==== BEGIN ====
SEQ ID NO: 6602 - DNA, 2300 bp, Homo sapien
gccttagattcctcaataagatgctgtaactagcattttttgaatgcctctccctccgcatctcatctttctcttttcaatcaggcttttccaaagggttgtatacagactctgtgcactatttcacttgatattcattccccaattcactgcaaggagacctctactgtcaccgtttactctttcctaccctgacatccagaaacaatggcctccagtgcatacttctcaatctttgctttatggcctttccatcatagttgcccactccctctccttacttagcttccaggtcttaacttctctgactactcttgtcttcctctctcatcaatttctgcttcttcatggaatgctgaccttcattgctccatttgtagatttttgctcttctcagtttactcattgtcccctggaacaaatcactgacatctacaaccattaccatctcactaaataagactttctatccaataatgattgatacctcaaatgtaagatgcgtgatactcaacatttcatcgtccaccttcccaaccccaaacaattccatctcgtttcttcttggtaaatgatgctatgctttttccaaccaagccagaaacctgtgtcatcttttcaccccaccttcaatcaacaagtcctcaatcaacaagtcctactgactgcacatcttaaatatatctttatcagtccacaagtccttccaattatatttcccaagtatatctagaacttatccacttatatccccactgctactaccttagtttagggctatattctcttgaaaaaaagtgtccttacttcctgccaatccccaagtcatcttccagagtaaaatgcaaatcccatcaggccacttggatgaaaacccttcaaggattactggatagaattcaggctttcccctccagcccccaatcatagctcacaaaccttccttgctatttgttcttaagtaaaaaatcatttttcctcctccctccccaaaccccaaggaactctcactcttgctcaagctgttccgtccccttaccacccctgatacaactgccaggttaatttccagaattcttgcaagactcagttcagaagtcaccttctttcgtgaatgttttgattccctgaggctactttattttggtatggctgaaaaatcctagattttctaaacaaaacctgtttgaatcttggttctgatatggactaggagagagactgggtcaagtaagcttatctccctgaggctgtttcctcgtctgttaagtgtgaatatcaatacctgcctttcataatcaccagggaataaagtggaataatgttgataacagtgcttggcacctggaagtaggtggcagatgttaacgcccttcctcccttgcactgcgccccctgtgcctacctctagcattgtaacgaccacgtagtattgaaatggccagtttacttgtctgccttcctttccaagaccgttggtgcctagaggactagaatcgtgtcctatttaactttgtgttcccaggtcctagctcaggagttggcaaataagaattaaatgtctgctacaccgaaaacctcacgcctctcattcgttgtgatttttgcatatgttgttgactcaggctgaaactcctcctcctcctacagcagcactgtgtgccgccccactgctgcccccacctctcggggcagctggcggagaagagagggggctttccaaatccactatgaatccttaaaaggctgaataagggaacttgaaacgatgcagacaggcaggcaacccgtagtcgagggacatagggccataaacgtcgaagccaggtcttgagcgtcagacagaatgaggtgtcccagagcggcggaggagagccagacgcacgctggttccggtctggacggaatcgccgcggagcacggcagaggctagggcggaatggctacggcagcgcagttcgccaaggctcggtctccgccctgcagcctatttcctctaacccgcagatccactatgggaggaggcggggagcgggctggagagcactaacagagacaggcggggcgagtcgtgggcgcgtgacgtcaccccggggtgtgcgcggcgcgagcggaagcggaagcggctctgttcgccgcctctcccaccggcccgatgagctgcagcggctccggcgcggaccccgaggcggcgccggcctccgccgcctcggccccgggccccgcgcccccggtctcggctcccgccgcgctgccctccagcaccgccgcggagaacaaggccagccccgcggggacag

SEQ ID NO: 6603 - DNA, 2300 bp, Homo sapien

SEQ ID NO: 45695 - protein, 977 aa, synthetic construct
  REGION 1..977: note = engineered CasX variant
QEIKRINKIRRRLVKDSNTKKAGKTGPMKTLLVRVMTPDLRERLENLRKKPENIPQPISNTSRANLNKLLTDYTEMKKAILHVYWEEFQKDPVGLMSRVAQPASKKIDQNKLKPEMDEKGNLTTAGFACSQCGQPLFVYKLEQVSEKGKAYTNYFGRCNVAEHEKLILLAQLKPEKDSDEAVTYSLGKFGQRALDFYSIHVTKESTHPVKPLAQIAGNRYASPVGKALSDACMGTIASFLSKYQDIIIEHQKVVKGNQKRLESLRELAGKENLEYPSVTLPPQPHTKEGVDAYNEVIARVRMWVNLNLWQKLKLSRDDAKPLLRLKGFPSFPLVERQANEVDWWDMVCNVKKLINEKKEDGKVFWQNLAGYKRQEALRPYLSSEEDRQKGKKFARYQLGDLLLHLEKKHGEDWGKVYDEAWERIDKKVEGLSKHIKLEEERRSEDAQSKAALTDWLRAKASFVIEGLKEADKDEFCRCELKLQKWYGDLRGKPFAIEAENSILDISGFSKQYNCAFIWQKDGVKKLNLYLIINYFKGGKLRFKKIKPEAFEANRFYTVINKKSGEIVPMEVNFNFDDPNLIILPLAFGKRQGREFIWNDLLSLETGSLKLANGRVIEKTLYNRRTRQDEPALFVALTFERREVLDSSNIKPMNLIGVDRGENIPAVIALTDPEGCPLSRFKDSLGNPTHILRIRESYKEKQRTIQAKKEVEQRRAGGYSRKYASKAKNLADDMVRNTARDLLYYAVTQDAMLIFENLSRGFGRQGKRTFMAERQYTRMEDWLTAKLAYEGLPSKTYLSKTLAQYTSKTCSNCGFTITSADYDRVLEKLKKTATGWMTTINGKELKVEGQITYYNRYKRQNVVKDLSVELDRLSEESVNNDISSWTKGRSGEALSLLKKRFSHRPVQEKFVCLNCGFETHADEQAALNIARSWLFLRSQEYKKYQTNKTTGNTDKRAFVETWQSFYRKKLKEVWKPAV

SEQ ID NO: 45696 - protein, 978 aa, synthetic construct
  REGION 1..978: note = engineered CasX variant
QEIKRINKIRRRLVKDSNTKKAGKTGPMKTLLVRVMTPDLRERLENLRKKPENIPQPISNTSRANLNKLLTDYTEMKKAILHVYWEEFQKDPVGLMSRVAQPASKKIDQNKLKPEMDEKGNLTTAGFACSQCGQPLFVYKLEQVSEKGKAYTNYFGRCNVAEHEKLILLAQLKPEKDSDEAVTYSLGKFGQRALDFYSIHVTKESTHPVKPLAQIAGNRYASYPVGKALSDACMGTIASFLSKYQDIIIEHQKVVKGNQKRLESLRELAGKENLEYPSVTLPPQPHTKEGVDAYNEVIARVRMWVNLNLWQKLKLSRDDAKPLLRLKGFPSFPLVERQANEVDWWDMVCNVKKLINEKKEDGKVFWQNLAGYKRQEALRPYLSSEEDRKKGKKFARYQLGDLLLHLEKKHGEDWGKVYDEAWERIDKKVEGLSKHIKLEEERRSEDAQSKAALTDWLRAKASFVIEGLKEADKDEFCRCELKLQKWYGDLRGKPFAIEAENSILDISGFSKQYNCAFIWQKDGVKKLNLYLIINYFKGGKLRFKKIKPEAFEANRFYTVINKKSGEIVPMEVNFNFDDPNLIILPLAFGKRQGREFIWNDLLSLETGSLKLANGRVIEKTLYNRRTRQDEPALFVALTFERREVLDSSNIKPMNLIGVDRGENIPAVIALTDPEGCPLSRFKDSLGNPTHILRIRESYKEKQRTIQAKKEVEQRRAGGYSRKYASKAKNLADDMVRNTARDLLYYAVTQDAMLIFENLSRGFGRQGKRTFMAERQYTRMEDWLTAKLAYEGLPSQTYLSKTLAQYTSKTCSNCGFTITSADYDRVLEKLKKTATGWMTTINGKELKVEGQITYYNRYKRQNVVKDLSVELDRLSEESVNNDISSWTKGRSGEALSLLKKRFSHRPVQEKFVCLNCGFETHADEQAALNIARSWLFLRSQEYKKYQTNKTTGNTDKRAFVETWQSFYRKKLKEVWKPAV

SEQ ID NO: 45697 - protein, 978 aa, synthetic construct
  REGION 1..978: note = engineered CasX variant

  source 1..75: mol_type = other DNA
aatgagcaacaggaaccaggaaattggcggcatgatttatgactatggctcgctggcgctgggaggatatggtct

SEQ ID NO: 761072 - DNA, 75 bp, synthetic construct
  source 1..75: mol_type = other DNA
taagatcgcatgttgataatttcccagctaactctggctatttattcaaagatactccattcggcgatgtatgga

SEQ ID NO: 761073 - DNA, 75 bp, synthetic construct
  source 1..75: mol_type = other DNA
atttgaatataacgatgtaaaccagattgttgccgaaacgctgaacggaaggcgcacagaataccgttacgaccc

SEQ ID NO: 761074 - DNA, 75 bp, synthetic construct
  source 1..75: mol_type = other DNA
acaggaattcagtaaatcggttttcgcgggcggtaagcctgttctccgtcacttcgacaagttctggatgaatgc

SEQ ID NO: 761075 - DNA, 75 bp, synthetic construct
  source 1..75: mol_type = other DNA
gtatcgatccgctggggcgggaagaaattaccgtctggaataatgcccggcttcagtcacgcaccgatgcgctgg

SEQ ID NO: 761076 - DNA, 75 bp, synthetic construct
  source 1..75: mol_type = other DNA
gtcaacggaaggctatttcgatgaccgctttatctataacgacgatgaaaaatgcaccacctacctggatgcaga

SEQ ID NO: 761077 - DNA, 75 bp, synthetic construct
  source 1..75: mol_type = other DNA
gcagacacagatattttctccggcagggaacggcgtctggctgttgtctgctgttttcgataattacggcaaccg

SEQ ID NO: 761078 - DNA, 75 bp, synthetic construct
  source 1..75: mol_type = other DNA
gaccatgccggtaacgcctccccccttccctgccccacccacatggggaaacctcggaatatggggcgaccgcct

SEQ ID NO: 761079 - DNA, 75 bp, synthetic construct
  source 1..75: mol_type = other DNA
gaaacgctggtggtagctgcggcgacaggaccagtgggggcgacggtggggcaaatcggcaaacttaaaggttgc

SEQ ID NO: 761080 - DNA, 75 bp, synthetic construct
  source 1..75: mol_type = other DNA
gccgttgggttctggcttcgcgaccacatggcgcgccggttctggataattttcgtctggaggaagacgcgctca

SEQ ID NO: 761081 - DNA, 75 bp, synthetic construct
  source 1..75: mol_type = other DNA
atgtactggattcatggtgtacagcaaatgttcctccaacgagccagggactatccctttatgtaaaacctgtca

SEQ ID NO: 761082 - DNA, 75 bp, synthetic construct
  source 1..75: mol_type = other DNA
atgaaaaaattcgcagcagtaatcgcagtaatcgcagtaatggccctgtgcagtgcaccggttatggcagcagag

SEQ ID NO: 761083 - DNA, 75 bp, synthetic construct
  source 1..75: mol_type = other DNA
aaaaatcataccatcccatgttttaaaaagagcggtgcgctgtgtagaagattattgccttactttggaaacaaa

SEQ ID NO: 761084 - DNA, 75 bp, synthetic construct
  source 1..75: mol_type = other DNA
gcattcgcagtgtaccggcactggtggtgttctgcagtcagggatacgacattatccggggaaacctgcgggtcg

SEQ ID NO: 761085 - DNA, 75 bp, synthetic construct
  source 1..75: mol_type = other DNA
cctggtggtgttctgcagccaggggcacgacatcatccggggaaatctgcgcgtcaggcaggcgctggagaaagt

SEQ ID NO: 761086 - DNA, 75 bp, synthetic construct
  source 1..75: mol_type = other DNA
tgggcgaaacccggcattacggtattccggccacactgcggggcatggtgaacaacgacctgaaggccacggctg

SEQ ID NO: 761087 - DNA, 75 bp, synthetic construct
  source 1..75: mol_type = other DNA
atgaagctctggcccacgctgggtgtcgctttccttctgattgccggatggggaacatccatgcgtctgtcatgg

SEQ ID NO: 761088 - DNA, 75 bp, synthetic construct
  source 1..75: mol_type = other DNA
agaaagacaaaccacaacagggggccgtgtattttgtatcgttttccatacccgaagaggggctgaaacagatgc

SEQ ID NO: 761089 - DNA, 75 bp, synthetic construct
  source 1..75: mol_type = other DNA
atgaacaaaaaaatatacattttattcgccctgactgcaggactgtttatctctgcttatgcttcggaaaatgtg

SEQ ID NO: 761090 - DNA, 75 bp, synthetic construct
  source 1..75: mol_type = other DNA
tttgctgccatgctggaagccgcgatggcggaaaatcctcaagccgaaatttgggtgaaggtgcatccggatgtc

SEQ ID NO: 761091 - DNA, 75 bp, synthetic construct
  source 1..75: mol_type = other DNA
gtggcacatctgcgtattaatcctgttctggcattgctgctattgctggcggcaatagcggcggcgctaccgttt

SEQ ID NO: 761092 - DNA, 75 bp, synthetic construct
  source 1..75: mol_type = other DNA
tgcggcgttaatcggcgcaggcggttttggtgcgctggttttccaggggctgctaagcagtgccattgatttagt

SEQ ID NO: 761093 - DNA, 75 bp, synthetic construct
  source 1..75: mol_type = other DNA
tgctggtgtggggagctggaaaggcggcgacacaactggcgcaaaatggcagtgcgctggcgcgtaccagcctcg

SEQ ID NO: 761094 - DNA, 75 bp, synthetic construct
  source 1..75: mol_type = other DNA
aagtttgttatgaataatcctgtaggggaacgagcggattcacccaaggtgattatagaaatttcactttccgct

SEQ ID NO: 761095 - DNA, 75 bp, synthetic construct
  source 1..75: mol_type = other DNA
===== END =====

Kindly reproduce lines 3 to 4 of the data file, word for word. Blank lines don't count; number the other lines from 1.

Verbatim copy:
SEQ ID NO: 6603 - DNA, 2300 bp, Homo sapien

SEQ ID NO: 45695 - protein, 977 aa, synthetic construct